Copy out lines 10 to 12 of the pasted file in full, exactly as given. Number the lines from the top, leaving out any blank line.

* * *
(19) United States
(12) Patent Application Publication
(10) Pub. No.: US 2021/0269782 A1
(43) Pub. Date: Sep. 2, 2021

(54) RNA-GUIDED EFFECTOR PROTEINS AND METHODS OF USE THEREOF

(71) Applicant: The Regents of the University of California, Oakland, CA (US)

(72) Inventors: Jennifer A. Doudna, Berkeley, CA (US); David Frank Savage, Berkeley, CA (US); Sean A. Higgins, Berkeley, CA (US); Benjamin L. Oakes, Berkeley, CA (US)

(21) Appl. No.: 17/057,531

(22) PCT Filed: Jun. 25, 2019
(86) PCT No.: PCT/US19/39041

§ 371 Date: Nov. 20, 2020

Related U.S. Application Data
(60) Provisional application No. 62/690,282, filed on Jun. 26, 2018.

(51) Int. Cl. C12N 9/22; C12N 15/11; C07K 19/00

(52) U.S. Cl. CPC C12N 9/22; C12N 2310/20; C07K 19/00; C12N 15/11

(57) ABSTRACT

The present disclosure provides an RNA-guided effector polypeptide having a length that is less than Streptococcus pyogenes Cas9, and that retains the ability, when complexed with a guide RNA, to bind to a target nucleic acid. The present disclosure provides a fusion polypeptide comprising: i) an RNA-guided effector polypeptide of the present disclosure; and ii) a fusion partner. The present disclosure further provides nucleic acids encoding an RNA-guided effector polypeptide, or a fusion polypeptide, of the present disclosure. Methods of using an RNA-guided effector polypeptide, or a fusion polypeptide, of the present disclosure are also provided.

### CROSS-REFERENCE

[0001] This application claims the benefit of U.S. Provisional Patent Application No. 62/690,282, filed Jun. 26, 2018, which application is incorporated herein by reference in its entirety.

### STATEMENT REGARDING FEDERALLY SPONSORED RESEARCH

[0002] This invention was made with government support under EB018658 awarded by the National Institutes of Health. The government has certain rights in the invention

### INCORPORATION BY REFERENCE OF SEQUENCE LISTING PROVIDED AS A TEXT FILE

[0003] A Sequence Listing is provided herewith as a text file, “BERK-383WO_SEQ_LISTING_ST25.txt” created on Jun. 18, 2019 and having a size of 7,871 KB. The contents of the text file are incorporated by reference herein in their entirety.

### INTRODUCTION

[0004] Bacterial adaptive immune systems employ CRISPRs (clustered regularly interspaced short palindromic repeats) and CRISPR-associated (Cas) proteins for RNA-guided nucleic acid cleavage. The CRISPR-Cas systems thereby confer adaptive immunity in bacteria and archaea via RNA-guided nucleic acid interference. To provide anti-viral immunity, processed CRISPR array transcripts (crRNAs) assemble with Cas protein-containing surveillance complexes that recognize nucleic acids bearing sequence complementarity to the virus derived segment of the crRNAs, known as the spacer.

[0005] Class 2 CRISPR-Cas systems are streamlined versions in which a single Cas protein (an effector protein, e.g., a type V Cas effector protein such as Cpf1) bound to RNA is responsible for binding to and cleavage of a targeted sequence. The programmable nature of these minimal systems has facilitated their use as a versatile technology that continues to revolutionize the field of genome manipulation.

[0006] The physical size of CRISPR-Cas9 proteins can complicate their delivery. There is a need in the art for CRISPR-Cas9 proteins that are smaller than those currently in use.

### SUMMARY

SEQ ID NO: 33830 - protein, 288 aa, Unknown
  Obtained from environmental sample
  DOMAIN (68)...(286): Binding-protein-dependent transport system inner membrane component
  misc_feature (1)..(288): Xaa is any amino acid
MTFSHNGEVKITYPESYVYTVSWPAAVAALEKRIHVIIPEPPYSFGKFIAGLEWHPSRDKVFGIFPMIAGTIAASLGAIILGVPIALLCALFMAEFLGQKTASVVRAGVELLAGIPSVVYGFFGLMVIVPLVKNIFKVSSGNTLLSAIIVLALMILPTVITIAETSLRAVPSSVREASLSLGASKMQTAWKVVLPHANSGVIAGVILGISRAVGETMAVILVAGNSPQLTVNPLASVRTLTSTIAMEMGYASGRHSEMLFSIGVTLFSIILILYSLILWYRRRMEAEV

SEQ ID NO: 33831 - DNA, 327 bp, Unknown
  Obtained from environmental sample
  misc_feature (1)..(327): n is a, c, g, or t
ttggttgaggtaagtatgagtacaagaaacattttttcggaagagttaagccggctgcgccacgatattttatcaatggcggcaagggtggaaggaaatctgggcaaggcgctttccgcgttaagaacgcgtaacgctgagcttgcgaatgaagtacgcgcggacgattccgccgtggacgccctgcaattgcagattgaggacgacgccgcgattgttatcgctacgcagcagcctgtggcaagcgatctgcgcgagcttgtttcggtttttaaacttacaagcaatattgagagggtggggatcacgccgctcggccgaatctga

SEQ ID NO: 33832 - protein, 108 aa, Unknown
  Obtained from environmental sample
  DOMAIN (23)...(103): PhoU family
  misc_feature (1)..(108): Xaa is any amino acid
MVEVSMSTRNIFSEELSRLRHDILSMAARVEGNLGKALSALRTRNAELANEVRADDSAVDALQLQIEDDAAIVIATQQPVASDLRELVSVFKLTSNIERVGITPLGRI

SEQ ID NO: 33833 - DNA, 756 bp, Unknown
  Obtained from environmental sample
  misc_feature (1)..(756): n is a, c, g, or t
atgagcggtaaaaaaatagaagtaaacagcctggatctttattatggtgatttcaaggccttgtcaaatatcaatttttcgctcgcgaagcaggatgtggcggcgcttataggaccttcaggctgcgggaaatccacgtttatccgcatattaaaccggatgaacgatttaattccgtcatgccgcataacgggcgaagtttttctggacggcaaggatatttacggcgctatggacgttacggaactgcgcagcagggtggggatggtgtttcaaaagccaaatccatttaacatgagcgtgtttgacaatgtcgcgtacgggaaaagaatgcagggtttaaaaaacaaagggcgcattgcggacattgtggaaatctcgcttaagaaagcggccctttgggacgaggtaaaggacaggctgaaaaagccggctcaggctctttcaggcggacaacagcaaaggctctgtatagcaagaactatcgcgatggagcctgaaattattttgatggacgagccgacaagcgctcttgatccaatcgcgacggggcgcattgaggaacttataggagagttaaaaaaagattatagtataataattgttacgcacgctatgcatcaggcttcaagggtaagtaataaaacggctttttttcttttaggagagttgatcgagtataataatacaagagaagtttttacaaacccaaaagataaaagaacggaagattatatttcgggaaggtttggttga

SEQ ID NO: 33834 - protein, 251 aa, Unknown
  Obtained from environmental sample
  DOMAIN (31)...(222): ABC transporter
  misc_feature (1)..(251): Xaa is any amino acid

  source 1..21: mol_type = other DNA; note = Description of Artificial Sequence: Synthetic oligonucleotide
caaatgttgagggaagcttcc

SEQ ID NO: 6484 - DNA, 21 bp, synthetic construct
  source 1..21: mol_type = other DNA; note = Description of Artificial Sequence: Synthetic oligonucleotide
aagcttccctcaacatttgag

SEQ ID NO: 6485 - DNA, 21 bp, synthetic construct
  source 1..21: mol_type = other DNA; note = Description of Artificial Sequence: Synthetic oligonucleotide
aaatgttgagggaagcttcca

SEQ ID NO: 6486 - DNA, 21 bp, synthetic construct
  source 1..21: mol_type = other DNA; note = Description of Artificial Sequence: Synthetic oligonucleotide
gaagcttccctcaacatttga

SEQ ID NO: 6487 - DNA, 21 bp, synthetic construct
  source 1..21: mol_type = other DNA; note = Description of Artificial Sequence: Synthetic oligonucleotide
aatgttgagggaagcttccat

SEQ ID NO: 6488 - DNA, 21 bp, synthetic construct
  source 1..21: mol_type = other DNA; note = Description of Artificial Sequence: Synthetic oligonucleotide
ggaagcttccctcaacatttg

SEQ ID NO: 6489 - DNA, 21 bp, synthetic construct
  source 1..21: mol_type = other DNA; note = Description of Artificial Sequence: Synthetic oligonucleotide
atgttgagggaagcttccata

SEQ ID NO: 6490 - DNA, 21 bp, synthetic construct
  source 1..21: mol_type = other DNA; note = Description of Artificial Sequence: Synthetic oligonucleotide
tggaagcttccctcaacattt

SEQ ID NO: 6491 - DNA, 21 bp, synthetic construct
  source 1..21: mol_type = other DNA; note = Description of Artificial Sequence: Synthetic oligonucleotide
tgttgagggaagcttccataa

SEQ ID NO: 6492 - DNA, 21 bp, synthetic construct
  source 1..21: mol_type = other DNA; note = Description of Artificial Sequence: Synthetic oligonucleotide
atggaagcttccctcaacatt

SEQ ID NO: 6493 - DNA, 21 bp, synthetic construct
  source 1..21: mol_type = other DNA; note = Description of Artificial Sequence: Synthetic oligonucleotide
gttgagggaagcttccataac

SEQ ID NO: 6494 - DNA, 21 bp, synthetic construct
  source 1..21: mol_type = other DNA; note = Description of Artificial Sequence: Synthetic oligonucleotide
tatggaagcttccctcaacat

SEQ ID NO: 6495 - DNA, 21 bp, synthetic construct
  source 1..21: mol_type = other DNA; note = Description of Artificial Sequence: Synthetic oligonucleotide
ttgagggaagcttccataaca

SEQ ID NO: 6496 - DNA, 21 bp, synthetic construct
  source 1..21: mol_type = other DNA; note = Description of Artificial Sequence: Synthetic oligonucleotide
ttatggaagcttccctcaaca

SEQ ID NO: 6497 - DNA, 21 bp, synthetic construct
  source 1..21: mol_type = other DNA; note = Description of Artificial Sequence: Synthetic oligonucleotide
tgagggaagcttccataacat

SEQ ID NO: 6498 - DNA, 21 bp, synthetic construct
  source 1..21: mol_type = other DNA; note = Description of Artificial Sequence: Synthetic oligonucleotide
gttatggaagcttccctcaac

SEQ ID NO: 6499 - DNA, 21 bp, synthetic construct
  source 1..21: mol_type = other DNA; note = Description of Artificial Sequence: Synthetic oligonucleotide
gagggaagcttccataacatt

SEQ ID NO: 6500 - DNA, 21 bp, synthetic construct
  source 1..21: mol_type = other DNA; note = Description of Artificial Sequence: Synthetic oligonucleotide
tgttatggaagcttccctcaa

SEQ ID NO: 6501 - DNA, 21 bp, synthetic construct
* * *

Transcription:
(86) PCT No.: PCT/US19/39041

§ 371 Date: Nov. 20, 2020

Related U.S. Application Data